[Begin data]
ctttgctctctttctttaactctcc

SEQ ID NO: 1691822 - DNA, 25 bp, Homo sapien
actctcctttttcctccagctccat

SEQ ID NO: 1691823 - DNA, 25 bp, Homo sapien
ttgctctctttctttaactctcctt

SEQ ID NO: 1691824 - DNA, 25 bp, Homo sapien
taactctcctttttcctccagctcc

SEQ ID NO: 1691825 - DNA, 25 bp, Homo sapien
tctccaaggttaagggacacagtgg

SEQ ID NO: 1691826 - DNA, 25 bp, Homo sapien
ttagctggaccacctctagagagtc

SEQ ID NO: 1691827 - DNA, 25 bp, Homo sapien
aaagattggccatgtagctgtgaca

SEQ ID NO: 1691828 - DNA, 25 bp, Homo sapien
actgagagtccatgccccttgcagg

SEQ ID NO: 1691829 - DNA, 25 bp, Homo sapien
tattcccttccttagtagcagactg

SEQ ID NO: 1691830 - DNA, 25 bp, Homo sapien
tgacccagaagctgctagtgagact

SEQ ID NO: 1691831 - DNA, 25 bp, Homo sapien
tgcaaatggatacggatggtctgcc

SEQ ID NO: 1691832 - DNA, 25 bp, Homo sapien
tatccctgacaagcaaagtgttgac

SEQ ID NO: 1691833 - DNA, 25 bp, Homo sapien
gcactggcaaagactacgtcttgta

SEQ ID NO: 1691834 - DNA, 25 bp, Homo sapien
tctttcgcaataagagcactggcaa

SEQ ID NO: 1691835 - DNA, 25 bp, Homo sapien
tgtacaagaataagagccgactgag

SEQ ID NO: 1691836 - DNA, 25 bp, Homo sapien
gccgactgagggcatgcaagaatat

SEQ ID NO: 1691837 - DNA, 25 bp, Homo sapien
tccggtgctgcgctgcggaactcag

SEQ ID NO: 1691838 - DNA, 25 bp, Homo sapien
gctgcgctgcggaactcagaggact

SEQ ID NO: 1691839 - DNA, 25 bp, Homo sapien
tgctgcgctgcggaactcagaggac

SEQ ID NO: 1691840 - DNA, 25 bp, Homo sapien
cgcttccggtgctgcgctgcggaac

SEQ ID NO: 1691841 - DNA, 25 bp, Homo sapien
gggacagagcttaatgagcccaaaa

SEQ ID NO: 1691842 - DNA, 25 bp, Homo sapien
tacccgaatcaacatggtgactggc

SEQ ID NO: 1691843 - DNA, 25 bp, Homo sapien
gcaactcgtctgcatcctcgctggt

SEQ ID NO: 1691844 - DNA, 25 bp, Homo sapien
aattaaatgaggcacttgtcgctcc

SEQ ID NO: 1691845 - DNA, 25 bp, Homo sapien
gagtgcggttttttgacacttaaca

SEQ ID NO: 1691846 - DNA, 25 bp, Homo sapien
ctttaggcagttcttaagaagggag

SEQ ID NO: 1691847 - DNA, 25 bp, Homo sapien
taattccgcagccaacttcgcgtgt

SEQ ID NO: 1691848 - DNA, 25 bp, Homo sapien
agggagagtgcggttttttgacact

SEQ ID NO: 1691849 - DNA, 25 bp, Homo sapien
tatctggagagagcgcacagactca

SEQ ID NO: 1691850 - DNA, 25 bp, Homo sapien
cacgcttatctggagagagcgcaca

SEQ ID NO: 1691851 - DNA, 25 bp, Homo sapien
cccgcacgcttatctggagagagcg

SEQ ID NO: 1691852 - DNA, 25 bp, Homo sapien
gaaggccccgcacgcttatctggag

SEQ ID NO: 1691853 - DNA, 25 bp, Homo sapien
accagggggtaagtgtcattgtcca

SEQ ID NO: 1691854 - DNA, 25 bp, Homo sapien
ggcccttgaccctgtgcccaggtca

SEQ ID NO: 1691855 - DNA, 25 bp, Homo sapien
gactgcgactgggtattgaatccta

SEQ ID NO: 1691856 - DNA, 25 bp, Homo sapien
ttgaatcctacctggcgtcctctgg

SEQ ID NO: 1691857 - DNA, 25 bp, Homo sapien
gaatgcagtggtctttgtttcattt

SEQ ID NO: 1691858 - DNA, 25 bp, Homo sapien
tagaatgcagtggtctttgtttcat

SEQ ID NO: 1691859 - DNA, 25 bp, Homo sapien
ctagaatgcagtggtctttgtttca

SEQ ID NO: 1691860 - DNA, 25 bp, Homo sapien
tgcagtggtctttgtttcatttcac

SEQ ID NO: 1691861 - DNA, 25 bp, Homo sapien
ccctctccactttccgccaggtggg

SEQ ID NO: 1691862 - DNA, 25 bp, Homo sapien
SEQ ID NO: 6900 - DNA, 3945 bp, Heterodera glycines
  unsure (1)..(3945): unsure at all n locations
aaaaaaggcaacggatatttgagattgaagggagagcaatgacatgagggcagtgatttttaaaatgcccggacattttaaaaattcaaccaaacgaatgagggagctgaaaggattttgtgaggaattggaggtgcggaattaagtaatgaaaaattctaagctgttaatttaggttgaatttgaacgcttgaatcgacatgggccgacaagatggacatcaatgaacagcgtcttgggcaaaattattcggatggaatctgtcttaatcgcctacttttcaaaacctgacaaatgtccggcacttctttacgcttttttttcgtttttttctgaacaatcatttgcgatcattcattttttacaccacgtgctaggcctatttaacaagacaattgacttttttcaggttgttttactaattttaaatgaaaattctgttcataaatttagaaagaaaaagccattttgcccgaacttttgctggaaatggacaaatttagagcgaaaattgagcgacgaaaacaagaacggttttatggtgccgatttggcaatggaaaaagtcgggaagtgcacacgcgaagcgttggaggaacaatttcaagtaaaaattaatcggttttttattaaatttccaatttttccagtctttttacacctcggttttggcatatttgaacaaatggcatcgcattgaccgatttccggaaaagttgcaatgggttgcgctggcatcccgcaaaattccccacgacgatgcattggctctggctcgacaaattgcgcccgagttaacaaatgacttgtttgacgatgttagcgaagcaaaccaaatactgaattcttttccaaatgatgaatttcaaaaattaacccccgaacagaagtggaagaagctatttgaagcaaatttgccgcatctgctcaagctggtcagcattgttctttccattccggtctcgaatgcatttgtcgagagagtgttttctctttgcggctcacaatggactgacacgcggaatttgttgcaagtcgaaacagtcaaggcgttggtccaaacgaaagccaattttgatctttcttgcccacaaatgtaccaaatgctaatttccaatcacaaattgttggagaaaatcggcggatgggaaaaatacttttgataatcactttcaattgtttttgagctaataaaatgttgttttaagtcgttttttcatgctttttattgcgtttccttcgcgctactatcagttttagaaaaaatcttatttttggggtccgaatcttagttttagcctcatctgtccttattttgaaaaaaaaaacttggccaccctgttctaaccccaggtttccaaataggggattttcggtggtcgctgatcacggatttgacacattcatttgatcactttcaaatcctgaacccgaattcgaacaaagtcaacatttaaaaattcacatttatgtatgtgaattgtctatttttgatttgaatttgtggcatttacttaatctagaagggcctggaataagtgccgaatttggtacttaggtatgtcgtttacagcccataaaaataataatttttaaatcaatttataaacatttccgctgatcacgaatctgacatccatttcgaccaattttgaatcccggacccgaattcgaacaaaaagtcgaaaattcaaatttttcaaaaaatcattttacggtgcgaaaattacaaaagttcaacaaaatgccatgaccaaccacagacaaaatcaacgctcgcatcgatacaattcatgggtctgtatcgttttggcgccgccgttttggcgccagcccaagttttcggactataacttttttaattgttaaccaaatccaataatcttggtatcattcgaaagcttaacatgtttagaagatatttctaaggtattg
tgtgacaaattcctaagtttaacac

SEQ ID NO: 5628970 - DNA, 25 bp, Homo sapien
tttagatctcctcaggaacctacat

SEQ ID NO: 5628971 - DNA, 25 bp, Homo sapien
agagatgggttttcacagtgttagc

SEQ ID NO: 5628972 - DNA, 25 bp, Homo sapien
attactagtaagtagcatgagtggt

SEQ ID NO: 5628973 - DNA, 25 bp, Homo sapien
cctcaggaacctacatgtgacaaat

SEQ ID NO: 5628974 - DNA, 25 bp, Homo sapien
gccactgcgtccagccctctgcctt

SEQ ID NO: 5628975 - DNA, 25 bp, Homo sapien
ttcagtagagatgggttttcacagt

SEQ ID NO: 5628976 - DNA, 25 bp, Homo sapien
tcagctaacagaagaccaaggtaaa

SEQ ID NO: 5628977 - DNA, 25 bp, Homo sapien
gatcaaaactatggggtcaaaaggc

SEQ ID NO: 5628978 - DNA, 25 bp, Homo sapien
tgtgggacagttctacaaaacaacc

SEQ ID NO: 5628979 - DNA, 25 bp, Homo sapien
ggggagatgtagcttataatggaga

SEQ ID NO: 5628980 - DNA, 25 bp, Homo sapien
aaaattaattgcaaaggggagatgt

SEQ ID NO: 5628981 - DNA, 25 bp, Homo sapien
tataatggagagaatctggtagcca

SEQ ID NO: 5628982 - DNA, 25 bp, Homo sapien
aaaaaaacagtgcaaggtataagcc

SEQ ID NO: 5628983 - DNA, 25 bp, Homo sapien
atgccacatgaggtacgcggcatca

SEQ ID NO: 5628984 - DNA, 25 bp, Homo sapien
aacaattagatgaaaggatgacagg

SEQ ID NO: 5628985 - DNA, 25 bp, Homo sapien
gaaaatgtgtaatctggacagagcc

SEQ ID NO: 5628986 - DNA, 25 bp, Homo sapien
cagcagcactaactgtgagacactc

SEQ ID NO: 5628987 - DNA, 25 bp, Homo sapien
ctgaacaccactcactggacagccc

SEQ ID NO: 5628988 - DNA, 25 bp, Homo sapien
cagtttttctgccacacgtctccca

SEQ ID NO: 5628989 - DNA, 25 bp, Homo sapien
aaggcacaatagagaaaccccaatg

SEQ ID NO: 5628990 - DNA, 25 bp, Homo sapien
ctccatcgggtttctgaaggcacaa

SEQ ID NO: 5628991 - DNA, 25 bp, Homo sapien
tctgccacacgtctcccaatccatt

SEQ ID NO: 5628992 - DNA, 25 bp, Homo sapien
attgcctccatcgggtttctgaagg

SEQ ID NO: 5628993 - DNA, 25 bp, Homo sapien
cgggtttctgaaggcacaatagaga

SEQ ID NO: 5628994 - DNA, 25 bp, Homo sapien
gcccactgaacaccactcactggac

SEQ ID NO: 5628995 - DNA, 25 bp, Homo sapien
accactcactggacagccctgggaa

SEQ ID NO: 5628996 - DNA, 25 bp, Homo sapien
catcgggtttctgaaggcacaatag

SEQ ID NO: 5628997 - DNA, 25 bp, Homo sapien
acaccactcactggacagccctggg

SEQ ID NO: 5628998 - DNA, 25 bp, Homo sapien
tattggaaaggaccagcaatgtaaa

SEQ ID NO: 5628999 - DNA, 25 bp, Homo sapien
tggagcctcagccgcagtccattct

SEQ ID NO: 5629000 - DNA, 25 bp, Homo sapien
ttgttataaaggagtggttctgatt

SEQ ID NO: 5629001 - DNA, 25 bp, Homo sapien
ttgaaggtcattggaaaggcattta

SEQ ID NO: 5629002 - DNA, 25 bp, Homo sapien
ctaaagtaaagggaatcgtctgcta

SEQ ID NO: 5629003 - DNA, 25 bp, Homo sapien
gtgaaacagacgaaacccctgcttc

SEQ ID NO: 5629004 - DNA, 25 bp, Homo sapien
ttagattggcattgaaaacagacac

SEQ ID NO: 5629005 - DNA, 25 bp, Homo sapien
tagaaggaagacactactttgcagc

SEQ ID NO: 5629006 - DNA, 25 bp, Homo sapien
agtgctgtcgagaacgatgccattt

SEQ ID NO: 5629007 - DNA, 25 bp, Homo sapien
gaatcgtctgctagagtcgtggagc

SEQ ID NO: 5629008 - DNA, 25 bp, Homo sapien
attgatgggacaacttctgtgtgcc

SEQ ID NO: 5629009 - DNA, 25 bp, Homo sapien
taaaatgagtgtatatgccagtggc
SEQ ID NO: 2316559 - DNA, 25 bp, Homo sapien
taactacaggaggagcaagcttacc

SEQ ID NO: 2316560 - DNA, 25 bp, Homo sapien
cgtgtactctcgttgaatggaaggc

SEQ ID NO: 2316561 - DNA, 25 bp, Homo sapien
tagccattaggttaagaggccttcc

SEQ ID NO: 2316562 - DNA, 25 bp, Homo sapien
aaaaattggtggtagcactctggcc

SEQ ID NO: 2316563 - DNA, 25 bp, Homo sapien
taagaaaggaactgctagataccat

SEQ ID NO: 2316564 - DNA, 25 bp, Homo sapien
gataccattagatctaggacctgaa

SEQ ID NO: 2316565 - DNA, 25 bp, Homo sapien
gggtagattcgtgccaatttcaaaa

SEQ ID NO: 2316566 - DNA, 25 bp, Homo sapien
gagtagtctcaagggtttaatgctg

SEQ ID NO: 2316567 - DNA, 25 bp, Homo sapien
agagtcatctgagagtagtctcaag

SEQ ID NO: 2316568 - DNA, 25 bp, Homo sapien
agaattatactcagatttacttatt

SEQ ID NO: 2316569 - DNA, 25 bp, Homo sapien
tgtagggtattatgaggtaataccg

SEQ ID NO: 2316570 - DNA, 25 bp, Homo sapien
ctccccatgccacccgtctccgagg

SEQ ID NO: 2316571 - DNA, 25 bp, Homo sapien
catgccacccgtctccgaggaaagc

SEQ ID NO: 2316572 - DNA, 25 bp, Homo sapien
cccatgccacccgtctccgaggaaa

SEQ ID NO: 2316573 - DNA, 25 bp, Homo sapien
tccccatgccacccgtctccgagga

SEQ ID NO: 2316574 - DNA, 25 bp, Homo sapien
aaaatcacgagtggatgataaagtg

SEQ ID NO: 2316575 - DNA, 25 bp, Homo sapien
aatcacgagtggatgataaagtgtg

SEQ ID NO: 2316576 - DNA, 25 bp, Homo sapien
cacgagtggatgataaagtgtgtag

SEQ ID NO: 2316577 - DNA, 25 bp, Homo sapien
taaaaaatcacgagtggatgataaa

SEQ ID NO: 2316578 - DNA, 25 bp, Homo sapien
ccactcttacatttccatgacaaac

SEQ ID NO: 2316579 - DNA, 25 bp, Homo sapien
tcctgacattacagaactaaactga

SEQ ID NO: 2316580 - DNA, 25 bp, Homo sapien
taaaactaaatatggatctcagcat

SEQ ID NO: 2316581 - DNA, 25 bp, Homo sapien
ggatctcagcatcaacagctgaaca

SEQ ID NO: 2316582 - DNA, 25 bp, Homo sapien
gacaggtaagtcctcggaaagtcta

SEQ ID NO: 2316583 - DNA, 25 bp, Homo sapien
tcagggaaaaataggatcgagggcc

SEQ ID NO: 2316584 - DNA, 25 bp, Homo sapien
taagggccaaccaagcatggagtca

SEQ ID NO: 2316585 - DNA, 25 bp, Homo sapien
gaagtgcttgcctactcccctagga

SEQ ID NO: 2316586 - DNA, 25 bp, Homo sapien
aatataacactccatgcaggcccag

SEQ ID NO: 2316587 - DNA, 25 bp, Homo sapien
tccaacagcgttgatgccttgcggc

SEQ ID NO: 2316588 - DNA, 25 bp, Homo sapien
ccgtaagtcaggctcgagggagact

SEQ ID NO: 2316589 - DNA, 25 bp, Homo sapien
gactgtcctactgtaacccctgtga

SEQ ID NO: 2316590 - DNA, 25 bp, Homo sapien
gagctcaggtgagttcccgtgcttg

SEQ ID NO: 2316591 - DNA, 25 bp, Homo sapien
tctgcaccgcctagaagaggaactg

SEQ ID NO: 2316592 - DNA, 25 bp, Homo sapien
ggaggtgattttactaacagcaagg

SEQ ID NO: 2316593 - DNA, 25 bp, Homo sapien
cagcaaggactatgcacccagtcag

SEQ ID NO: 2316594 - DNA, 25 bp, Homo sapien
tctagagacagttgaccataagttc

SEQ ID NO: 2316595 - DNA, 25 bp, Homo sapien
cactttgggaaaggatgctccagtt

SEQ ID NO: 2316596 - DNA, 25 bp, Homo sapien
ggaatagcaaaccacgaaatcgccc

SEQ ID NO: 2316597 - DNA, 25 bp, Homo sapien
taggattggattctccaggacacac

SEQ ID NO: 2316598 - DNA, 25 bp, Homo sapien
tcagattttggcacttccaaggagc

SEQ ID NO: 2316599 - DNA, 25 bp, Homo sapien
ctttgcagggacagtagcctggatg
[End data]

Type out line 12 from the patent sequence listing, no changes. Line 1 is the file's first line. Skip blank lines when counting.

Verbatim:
SEQ ID NO: 1691827 - DNA, 25 bp, Homo sapien